I was interviewed some weeks ago by the Evening Standard for my views on polyphasic sleeping. It was something of a blast from the past for me but as one of the few people on the internet to have done it and written about it, I get surprisingly regular, if infrequent, press inquiries on the topic. The journo who interviewed me said they would let me know when it would be published and forgot, so I only just remembered to look it up. It’s short but sweet:


Getting a good night’s rest once meant spending eight hours in a comfy bed, but now a growing number of people are applying a blend of science, technology and psychology to optimise their time asleep, and so make the most of their waking hours. From the hackers gadgetising their bedtime routine to the ‘lucid dreamers’ taking control of their nightmares, Londoners are transforming the land of zzzzzz.

Polyphasic sleeping

Can you survive on two hours’ kip? Polyphasic sleepers believe so. They sleep in short bursts every few hours to cut down the overall time needed. A normal night’s sleep is divided into four or five cycles of three main phases: light sleep, deep sleep (the most restful) and rapid eye movement (REM) sleep. The reasoning behind polyphasic sleeping is that you’re so tired you fall straight into the final two cycles. The most challenging regime is the ‘Uberman’ — six 20-minute naps at four-hour intervals. Sarah McCulloch, a student at London South Bank University, used Uberman while preparing for exams, for periods of up to four months at a time. Instead of her usual eight-and-a-half hours, she’d sleep at 4pm, 8pm, midnight, 4am, 8am and midday. ‘You have a few days of feeling terrible, but you adjust and it becomes like regular sleeping.’ The hardest thing, she says, is fitting it around a social life — she once had to nap at a restaurant. ‘It’s not that practical, but if you have a deadline to meet, you’ll meet it.’ Dr Guy Leschziner, consultant neurologist and lead clinician at the sleep disorders centre at Guy’s and St Thomas’ Hospital, cautions that it’s not for everyone: ‘Whether you sleep half an hour every two hours or a full night in one go, our sleep requirements are genetically conditioned. Some people need more, some people need less.’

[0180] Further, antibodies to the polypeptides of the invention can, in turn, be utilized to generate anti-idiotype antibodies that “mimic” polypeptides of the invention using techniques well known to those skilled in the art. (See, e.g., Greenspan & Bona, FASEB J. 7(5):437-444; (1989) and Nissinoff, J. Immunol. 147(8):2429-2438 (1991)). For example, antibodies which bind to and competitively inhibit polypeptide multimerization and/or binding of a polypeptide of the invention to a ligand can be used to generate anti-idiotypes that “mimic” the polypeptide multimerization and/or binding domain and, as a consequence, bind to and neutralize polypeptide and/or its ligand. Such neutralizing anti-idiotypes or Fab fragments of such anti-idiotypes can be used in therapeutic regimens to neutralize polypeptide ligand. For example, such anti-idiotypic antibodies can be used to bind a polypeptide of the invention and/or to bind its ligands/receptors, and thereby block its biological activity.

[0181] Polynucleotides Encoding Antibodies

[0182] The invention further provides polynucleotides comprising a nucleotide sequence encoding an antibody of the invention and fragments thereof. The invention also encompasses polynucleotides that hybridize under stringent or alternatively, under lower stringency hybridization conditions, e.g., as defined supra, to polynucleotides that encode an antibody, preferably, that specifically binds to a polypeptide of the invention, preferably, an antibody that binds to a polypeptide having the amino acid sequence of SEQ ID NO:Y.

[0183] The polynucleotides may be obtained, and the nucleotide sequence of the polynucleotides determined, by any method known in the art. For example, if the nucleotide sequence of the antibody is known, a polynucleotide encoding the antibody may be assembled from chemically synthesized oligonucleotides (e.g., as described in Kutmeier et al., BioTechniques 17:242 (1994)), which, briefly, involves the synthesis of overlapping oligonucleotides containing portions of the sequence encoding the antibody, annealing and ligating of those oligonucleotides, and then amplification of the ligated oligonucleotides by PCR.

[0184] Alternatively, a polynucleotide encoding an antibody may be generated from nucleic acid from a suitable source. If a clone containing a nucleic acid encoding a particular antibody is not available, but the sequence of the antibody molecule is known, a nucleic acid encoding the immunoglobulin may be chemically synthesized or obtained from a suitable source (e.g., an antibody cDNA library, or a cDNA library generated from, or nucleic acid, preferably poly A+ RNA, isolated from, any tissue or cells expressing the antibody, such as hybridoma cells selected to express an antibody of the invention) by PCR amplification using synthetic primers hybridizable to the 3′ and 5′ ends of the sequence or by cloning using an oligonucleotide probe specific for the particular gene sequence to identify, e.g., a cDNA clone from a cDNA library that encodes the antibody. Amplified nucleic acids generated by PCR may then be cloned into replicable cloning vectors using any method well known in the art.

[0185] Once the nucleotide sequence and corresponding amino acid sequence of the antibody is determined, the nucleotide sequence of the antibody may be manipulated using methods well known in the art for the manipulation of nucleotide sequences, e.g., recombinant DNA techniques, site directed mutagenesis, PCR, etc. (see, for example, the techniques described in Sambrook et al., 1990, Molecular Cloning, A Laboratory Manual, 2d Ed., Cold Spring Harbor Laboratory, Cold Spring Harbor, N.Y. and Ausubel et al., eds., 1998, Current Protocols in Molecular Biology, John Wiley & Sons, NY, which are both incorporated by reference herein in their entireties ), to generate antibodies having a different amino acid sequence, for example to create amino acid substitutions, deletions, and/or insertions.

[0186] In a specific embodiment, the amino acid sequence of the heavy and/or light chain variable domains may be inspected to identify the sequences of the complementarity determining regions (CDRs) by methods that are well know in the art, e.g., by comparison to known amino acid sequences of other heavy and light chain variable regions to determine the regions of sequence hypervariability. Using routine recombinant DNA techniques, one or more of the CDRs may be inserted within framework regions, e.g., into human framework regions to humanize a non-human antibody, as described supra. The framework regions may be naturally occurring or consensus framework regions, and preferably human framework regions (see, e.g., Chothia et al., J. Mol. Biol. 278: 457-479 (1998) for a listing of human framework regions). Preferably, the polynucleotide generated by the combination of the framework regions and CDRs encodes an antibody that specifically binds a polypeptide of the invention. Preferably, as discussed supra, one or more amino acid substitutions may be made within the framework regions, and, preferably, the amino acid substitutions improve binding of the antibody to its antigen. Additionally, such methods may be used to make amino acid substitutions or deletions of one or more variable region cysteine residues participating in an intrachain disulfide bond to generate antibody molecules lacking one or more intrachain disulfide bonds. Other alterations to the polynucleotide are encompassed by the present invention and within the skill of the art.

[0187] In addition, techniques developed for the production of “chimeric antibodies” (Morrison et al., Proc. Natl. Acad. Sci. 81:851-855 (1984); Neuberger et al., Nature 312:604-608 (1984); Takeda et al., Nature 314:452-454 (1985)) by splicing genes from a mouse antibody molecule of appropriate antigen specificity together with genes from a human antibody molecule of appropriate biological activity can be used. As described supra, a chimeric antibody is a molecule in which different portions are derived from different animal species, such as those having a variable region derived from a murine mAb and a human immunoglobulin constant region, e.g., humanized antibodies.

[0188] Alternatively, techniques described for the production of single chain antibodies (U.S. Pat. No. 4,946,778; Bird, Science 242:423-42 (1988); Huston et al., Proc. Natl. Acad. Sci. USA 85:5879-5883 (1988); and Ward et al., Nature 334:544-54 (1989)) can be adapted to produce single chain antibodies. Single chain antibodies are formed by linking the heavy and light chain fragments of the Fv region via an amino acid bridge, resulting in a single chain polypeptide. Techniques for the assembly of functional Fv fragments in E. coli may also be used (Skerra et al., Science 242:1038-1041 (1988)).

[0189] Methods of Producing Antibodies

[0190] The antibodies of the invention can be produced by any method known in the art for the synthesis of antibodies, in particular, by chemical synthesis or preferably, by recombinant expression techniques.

You can read the rest of the article (on general sleep-hacking) here.